Rectifier. Switching Mode Power Supply Noise from PC precludes use of installed Sound Card, and DAC doesn't have USB Input. External USB Converter, with own Analog Power Supply, became a must. This applies to my type of DAC only, not necessarily anyone elses. My DAC is just simply going to sound better with external Converter with its own Analog Power Supply. It just puts an extra layer of separation between SMPS PC and DAC Analog PS. This is done out of Engineering necessity for my type of DAC ONLY! Are there Sound Cards that have Special Power Supply Filters for rejecting SMPS Noise? Some DAC's even have Switching Mode Power Supplies themselves, do they have exceptional Power Supply Noise Filters themselves? I don't know. It DOESN'T seem to be a problem with a percentage exceptionally sounding Sound Cards and DAC's. Switching Mode Power Supply is used as a means to conserve Power, and help the Environment. It does produce some noise, which must be filtered, especially when it comes to connection to Analog driven Equipment. My case is just an extreme example of this. I use external Converter, with external Analog Power Supply, out of Engineering necessity. Others WILL have different, if not better, results. It does make me wonder, though, if mixing SWPS with Analog Power Supplies does cause compatibility problems leading to mixed results with PC Audio. There does seem to be a wide mixture of results utilizing different PCs, with different DAC's, with different USB Converters/Sound Cards/USB DACs. Call it total nonsense if you want, there is still some basis in electrical theory to back it up. That is, unless you want to throw out the Baby (All Electrical Theory) with the bathwater. How do you explain ALL different results, to the total exclusion of Electrical Theory, with PC Audio? Sounds like Flat Earth Logic, and reason. Why is it that whenever anyone discusses these differences with PC Audio, it is handled here like the Spanish Inquisition? No one here DARE have a difference of opinion in Electrical Theory-Really! Hang everyone up by their thumbs? Chill out! Anyone carrying big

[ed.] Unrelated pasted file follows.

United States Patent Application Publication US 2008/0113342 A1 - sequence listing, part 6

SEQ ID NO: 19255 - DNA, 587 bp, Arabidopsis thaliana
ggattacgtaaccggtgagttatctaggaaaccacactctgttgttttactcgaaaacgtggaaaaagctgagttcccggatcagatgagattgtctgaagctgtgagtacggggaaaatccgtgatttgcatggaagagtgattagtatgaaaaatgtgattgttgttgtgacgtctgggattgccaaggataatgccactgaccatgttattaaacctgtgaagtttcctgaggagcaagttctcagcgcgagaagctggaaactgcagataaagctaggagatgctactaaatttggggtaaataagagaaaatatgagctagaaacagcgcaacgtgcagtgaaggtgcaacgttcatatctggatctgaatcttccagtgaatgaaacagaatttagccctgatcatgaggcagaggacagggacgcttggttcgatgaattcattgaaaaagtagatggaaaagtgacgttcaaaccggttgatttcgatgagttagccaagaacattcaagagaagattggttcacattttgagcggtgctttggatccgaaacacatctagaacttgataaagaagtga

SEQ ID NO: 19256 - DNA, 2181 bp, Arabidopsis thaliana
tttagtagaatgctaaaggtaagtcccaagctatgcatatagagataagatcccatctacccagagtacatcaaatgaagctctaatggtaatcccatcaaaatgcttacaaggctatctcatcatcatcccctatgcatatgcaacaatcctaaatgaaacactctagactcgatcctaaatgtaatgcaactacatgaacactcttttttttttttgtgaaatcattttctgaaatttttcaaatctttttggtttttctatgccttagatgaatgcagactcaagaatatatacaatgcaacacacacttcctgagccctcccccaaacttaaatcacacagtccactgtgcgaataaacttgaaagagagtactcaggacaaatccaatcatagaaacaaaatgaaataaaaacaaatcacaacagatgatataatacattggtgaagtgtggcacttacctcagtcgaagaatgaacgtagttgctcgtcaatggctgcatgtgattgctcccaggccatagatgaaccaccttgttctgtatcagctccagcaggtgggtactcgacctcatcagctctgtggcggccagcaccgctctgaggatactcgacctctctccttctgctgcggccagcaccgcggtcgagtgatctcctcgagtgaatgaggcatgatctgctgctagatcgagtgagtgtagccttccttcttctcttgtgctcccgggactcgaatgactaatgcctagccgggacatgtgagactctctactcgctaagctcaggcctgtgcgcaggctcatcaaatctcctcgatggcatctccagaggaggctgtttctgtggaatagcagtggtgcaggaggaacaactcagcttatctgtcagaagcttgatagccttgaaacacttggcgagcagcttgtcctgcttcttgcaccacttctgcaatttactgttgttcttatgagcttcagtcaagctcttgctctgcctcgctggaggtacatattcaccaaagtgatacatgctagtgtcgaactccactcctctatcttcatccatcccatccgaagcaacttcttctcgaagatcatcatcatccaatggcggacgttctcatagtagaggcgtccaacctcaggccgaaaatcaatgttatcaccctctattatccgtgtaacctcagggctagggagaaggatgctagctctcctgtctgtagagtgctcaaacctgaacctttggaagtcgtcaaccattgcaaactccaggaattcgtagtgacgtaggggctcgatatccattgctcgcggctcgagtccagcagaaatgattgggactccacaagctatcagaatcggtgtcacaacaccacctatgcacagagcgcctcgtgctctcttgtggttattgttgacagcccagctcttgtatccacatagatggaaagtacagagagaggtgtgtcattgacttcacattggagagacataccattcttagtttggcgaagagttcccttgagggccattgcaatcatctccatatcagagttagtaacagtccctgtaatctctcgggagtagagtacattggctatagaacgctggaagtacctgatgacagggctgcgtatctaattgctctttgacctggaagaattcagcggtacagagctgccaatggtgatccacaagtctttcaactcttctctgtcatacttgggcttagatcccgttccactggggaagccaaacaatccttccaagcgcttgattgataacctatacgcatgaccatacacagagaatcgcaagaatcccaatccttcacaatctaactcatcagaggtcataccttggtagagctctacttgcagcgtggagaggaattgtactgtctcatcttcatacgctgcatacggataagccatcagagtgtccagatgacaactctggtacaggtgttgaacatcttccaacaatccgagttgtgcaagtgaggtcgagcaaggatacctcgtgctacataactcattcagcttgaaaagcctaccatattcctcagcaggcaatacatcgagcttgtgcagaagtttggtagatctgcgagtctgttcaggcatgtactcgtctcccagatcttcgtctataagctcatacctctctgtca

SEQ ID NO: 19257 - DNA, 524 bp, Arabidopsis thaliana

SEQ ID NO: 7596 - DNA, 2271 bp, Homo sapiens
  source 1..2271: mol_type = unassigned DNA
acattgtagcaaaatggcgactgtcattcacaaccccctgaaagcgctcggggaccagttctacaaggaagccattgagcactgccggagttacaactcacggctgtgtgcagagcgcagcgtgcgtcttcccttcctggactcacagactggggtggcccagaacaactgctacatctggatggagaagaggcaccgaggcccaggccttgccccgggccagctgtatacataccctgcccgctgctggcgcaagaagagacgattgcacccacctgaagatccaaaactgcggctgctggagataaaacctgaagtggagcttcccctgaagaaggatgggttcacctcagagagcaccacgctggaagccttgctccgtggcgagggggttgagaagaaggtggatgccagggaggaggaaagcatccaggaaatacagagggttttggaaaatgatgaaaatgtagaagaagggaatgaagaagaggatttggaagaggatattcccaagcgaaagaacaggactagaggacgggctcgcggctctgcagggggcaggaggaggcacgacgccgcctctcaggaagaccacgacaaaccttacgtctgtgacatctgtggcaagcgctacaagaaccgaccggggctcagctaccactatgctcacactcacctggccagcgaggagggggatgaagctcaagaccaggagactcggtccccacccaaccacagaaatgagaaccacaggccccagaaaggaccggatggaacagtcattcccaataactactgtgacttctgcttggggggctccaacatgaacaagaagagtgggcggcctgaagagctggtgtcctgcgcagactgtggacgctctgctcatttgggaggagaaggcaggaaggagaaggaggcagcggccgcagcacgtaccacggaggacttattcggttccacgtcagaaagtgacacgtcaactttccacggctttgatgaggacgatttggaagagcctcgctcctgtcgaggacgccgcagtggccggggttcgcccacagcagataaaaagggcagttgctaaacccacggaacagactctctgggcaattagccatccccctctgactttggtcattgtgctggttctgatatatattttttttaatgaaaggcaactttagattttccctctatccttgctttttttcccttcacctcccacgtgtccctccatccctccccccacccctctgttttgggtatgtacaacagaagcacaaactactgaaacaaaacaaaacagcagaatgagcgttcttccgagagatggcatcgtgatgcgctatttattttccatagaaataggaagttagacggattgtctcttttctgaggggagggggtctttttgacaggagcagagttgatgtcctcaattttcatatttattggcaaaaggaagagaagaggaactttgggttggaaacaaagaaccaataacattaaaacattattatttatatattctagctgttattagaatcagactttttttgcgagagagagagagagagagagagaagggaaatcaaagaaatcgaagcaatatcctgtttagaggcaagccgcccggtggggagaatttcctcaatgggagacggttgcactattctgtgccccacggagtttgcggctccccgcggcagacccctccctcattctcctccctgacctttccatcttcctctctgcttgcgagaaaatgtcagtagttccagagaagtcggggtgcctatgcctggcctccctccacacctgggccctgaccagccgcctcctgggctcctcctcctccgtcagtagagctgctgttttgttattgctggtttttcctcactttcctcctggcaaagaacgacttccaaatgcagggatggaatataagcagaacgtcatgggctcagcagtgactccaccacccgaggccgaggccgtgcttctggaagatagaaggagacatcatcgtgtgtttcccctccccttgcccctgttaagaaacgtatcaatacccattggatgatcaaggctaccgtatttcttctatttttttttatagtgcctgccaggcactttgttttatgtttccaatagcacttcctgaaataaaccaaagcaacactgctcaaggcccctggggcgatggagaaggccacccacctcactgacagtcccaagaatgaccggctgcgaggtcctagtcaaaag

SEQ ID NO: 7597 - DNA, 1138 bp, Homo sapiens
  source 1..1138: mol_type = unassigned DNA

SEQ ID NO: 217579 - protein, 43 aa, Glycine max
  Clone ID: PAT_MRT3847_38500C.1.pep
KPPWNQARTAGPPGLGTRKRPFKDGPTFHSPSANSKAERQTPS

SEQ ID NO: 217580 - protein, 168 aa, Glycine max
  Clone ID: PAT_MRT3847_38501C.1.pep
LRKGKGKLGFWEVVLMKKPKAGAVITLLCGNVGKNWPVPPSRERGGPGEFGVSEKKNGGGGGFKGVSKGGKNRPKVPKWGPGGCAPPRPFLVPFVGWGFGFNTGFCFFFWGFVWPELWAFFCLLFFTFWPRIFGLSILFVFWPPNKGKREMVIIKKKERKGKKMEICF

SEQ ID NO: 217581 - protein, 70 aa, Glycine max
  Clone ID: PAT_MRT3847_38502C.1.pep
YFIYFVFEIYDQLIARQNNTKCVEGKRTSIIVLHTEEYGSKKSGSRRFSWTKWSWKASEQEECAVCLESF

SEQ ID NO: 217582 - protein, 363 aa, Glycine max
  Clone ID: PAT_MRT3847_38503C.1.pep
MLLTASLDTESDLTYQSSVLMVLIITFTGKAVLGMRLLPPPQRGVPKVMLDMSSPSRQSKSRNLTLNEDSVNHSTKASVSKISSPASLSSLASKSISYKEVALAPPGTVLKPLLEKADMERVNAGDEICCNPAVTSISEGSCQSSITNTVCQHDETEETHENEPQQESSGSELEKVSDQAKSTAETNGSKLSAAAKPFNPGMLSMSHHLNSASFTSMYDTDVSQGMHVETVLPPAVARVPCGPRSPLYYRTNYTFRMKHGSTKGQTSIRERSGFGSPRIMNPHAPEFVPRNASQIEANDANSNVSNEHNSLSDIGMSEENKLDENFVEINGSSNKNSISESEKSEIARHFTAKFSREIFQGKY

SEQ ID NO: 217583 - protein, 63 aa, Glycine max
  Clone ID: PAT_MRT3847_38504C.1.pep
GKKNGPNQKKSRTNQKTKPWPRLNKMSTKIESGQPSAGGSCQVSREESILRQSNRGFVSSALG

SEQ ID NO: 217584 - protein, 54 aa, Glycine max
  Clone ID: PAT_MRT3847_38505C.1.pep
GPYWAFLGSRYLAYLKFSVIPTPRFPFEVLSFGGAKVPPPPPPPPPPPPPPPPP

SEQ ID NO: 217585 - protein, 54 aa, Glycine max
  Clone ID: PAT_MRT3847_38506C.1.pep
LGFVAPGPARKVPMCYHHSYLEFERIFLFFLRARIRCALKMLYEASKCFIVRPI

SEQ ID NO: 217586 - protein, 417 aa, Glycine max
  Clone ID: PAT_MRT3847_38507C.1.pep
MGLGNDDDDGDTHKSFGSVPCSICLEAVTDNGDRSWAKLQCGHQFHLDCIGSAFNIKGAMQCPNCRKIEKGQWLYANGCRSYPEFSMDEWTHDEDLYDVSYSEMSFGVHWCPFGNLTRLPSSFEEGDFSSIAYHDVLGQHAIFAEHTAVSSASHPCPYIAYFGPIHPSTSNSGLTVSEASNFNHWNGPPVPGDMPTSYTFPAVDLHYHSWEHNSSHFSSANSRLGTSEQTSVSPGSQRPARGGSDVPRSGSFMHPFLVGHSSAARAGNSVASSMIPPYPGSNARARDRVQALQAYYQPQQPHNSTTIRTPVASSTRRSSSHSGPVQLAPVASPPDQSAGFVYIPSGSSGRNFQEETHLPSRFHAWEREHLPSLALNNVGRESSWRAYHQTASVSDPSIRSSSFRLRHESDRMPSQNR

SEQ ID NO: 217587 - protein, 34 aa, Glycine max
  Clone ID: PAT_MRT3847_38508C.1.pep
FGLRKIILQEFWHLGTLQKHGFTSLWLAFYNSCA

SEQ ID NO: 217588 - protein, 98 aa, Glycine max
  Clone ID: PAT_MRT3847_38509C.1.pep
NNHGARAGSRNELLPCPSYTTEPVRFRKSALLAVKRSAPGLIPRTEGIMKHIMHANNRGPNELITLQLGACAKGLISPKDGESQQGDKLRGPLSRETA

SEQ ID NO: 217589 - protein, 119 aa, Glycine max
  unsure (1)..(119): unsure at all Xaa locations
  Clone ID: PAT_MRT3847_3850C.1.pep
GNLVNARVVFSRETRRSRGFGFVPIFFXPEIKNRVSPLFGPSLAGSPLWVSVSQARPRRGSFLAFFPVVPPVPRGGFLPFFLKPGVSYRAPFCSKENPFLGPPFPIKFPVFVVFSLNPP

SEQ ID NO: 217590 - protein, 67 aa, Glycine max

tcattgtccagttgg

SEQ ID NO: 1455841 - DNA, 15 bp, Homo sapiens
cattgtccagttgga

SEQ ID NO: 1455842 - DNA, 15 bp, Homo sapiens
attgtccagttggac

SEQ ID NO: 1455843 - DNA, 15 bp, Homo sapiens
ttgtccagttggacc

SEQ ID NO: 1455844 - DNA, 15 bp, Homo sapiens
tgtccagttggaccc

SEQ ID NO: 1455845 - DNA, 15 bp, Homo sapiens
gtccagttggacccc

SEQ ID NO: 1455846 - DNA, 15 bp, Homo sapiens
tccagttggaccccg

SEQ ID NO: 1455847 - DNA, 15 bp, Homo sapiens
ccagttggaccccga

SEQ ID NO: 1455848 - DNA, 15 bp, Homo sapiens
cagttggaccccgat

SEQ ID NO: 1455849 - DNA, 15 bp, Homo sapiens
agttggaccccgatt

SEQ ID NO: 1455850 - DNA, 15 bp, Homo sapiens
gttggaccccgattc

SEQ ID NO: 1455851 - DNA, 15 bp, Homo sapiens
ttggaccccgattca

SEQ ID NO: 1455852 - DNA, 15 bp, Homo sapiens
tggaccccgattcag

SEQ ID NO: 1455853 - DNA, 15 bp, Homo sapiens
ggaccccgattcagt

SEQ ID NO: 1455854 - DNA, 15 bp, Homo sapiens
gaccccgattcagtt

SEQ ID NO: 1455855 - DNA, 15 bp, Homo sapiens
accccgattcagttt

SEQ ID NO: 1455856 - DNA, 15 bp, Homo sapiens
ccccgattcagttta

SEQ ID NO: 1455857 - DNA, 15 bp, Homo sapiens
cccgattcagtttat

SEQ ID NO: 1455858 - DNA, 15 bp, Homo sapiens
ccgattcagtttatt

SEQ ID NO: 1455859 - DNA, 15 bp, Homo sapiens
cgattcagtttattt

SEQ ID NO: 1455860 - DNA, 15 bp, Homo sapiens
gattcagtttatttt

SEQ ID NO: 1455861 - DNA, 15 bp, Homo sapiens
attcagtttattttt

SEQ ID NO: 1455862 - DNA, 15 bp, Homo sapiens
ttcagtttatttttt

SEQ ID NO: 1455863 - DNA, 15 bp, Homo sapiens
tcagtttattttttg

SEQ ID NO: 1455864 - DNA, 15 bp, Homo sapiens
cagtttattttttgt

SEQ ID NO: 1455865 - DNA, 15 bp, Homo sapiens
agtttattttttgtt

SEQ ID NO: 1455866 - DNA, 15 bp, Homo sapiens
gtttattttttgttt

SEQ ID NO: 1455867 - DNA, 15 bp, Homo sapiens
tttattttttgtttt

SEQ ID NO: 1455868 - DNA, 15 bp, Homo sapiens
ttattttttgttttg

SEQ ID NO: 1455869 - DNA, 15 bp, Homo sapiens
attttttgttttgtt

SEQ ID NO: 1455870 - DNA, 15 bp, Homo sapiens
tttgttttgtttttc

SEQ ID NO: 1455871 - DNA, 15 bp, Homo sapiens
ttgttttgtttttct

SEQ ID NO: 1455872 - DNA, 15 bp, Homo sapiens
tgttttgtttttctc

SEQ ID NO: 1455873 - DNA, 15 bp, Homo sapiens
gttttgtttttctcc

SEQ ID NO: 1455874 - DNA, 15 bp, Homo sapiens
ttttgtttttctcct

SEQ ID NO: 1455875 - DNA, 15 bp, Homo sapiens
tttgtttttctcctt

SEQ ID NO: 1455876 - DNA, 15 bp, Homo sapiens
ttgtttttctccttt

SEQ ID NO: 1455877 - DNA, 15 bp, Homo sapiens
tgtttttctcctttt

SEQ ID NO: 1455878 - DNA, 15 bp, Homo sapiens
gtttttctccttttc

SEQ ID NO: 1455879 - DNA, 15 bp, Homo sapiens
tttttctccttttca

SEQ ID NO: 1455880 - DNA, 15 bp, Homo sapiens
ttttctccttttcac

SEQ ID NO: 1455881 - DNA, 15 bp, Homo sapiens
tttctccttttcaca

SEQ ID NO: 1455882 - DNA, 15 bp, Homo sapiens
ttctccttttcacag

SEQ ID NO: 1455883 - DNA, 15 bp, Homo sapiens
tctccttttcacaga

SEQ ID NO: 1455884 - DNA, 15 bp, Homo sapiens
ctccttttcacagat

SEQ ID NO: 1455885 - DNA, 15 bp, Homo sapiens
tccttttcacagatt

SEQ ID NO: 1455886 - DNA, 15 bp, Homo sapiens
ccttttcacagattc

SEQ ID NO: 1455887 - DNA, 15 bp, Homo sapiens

guns out there, keep them in your holsters. This isn't the
Wild West here. It is, after all 2011, not 1885! Don't make me sic Wyatt Earp on you, is it really necessary to dig the poor Man out of his grave?
I’d say “Yes indeed”. There should be an audible diff applying either into your system.

Are you sure you want to spend that much for the conversion of USB to SPDIF though?

Both are reputable for sure, and both are IMO, costly converters.

Thought about using a Hiface, or sound card instead? ......

Blindjim (System | Reviews | Threads | Answers | This Thread)

The Off Ramp is much much more than a USB convertor. It significantly outperformed a HiFace and Lynx card in my system. The improvements it brings are not small or subtle.

I have been through the same exercise and here is what I have decided for my setup and its brilliant...http://www.audiocircle.com/index.php?topic=84115.0

Don't take this the wrong way but that forum doesn't really say anything or compare those two units.

However in terms of functionality I will point out the latest Off Ramp will sample all the way to 24/192. Also it is a sophisticated re-clocker which virtually eliminates jitter. I cannot accurately describe what a huge difference it makes in front of the dozen DACs I've heard it paired with. But I will say that I think it is a critical component in my system.

I do not have personal experience with the Wavelength USB converter though I have heard their technology because I have heard their DACs.